author={IceCube Collaboration M.G. Aartsen and K. J. Abraham and Markus Ackermann and J. H. Adams and Juan Antonio Aguilar and Markus Ahlers and Maximilian Ahrens and David Altmann and Tyler Brooks Anderson and M. Archinger and Carlos A. Arguelles and Timothy C. Arlen and Jan Auffenberg and Xinhua Bai and Steven W. Barwick and V. Baum and Ryan Bay and James J. Beatty and Julia K. Becker Tjus and Kurt H. Becker and E. S. Beiser and Segev BenZvi and Patrick Berghaus and David Berley and Elisa Bernardini and Anna Bernhard and David Z. Besson and Gary Binder and Daniel Bindig and Martin Bissok and Erik Blaufuss and Jan Blumenthal and David J. Boersma and Christian Bohm and M. Borner and Fabian Bos and Debanjan Bose and Sebastian Boser and Olga Botner and J. Braun and Lionel Brayeur and Hans-Peter Bretz and A. M. Brown and N Buzinsky and James Casey and Martin Casier and E. Cheung and Dmitry Chirkin and Asen Christov and Brian John Christy and Ken Clark and Lew Classen and Stefan Coenders and D. F. Cowen and A. H. Cruz Silva and Jacob Daughhetee and J. C. Davis and Melanie Day and J.P.A.M. de Andr'e and Catherine De Clercq and Hans Peter Dembinski and Simon De Ridder and Paolo Desiati and Krijn D. de Vries and G. de Wasseige and Meike de With and Tyce DeYoung and J. C. D'iaz-V'elez and Jonathan Dumm and Matthew Dunkman and Ryan Eagan and Benjamin Eberhardt and Thomas Ehrhardt and Bj{\"o}rn Eichmann and Sebastian Euler and Paul A. Evenson and O. Fadiran and Sam Fahey and Ali R. Fazely and Anatoli Fedynitch and Jacob Feintzeig and John Felde and Kirill Filimonov and Chad Finley and Tobias Fischer-Wasels and Samuel Flis and T. Fuchs and Thomas K. Gaisser and Romain Gaior and J. Gallagher and Lisa Marie Gerhardt and Karim Ghorbani and D. Gier and Laura E. Gladstone and M. Glagla and Thorsten Glusenkamp and Azriel Goldschmidt and Geraldina Golup and J. G. Gonzalez and Jordan A. Goodman and Dariusz G'ora and Darren Grant and Pavel Gretskov and John C. Groh and A. Gross and Chang Hyon Ha and Christian Haack and A. Haj Ismail and Allan Hallgren and Francis Halzen and Britta Hansmann and Kael D. Hanson and Dustin Hebecker and David Heereman and Klaus Helbing and Robert Eugene Hellauer and Denise Hellwig and Stephanie Virginia Hickford and Joshua Hignight and Gary C. Hill and Kara D. Hoffman and Ruth Hoffmann and Kilian Holzapfel and Andreas Homeier and Kotoyo Hoshina and F. Huang and Martin E. Huber and Warren Huelsnitz and Per Olof Hulth and Klas Hultqvist and Seongjin In and Aya Ishihara and Emanuel Jacobi and George S. Japaridze and Kyle Jero and Matej Jurkovi{\vc} and Basho Kaminsky and Alexander Kappes and Timo Karg and Albrecht Karle and Matthew Kauer and Azadeh Keivani and John Lawrence Kelley and Julian Kemp and Ali Kheirandish and Joanna Kiryluk and J. Klas and Spencer R. Klein and Georges Kohnen and Hermann Kolanoski and R. Konietz and A. Koob and Lutz Kopke and Claudio Kopper and Sandro Kopper and D. Jason Koskinen and Marek Kowalski and Kai Michael Krings and G{\"o}sta Kroll and Mike Kroll and Jan Kunnen and Naoko Kurahashi and Takao Kuwabara and Mathieu L. M. Labare and Justin Lanfranchi and Michael James Larson and Mariola Lesiak-Bzdak and Martin Leuermann and J. Leuner and Jan Lunemann and J. Madsen and Giuliano Maggi and K. Mahn and Reina Maruyama and Keiichi Mase and Howard S. Matis and Ryan Maunu and Frank McNally and Kevin J. Meagher and Morten Medici and Athina Meli and Thorben Menne and G. Merino and Thomas Meures and Sandra Miarecki and Eike Middell and Erin Middlemas and J. Miller and Lars Mohrmann and Teresa Montaruli and Robert Morse and Rolf Nahnhauer and Uwe Naumann and Hans Niederhausen and Sarah C. Nowicki and David R. Nygren and Anna Obertacke and Alexander R. Olivas and Ahmad Omairat and Aongus O'Murchadha and Tomasz Palczewski and Larissa Paul and Joshua A. Pepper and Carlos P'erez de los Heros and Carl Pfendner and Damian Pieloth and Elisa Pinat and Jonas Posselt and P. Buford Price and Gerald T. Przybylski and John Putz and Melissa Quinnan and Leif Radel and M. Rameez and Katherine Rawlins and Peter Christian Redl and Ren{\'e} Reimann and Matthew Relich and Elisa Resconi and Wolfgang Rhode and Michael Richman and Steffen Richter and Benedikt Riedel and S. M. Robertson and Martin Rongen and Carsten Rott and Tim Ruhe and Bakhtiyar Ruzybayev and Dirk Ryckbosch and Sabine M. Saba and Lucia Sabbatini and Heinz Georg Sander and A. Sandrock and J. Sandroos and Subir Sarkar and Kai Schatto and Florian Scheriau and Michael Schimp and Thomas Schmidt and Martin Schmitz and Sebastian Schoenen and Sebastian Schoneberg and A. R. Schonwald and Anne Schukraft and Lukas Schulte and David Seckel and Surujhdeo Seunarine and Rezo Shanidze and M. W. E. Smith and Dennis Soldin and G. M. Spiczak and Christian Spiering and M. Stahlberg and Michael Stamatikos and Todor Stanev and Nick A. Stanisha and Alexander Stasik and Thorsten Stezelberger and Robert G. Stokstad and A. Stossl and Erik A. Strahler and R. G. Strom and Nora Linn Strotjohann and Gregory W. Sullivan and Michael S. Sutherland and Henric Taavola and Ignacio Taboada and Samvel Ter-Antonyan and Andrii Terliuk and G. Tevsi'c and Serap Tilav and Patrick A. Toale and M. N. Tobin and Delia Tosi and Maria Tselengidou and Elisabeth Unger and Marcel Usner and Sofia Vallecorsa and Justin Vandenbroucke and Nick van Eijndhoven and Stijn Vanheule and Jakob van Santen and J. Veenkamp and Markus Vehring and Markus Voge and Matthias Vraeghe and Christian Walck and A. Wallace and Marius Wallraff and Nancy Wandkowsky and C. Weaver and C. Wendt and Stefan Westerhoff and B. J. Whelan and Nathan Whitehorn and C. Wichary and Klaus Wiebe and Christopher Wiebusch and Logan Wille and D. R. W. Williams and Henrike Wissing and Martin Wolf and Terri R. Wood and Kurt Woschnagg and D. L. Xu and X. Xu and Y. Xu and Juan Pablo Y{\'a}{\~n}ez and Gaurang B. Yodh and Shigeru Yoshida and Pavel Zarzhitsky and Marcel Zoll},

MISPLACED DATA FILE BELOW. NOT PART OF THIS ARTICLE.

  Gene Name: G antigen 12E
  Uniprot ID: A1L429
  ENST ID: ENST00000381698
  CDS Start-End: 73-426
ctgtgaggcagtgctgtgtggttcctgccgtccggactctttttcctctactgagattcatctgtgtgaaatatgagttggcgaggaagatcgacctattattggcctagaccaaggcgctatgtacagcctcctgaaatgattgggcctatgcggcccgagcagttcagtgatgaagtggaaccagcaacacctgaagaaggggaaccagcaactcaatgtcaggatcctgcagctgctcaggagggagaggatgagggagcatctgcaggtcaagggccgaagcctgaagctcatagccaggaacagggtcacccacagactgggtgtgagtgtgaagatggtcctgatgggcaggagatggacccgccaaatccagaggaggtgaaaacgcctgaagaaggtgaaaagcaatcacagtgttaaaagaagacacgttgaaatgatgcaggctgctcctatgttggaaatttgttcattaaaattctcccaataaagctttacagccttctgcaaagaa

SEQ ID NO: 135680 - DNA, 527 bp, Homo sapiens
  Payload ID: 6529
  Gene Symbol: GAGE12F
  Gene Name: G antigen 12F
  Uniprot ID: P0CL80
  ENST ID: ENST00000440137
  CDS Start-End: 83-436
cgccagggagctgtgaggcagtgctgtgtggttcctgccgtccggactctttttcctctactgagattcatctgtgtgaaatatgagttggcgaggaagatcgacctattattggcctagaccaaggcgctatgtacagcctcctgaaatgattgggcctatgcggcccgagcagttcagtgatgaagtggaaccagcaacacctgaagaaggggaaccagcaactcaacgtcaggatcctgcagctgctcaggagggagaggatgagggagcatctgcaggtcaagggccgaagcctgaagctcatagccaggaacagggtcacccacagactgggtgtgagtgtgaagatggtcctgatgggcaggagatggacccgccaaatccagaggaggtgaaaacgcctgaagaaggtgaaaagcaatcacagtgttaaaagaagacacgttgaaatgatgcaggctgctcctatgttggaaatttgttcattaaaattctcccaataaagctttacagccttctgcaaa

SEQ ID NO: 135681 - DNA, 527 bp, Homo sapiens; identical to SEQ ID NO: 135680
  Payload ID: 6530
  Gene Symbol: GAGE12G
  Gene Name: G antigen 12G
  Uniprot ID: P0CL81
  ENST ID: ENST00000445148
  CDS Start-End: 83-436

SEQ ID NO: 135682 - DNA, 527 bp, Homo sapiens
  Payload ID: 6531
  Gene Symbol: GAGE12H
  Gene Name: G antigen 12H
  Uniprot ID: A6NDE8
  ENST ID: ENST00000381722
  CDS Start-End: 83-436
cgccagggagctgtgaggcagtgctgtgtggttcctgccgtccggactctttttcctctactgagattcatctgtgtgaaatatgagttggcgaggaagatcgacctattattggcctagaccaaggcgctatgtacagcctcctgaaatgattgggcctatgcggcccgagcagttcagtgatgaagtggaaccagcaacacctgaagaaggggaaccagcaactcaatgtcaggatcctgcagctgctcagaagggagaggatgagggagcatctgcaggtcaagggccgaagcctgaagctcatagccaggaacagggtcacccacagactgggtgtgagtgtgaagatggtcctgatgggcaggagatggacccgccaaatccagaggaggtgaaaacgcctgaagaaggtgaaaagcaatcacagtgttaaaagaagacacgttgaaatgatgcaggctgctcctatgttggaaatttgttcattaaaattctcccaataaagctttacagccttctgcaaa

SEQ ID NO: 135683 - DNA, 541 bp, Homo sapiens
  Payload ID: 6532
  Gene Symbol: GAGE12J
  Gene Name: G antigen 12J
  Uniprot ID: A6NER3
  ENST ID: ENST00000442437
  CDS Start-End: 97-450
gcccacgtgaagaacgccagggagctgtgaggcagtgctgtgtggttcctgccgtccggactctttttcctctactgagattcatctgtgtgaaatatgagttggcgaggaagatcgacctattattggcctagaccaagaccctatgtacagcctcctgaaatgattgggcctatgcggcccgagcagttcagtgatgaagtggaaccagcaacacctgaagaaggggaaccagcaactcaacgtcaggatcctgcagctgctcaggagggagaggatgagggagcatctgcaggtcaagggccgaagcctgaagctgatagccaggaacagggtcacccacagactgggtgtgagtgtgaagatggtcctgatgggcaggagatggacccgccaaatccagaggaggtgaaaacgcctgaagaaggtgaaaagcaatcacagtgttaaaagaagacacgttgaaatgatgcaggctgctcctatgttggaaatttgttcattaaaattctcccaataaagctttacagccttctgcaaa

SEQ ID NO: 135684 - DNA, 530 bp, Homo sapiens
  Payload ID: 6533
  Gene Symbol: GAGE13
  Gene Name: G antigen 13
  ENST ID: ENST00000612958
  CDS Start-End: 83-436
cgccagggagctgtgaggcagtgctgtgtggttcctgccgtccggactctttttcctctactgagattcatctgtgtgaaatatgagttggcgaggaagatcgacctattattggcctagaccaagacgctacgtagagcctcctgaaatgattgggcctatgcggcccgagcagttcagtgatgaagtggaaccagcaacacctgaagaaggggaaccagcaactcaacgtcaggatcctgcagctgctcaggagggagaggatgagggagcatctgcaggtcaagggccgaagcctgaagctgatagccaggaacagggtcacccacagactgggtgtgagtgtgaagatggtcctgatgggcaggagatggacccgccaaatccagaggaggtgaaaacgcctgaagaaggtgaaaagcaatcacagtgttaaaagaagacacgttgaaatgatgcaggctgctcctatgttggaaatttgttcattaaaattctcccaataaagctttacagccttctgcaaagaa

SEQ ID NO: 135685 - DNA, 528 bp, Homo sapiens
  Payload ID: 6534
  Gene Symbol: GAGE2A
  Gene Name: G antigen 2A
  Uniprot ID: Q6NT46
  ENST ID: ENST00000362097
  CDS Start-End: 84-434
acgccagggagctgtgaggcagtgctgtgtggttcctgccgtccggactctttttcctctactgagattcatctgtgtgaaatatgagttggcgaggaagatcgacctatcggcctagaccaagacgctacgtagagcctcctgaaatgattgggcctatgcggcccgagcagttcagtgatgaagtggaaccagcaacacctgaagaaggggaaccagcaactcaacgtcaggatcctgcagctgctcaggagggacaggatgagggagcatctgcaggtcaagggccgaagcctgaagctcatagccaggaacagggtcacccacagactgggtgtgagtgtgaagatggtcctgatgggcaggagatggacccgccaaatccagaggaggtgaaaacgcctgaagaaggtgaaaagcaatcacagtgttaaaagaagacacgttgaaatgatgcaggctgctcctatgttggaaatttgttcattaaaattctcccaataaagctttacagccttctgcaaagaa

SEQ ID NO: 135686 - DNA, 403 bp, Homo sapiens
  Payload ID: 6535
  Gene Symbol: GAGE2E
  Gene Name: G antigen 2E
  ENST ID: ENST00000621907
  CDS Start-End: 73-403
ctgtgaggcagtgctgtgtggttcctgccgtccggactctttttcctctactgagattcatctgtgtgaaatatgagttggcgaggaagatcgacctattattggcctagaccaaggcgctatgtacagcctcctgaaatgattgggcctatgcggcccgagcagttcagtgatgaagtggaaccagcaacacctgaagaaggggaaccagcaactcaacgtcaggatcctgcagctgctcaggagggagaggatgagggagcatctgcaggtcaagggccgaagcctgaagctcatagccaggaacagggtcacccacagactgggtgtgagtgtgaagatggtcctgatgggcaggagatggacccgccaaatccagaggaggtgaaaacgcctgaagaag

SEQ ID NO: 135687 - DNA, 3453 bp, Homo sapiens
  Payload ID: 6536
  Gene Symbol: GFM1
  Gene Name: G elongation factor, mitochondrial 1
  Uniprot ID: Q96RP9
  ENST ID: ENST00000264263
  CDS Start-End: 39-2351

journal={The Astrophysical Journal},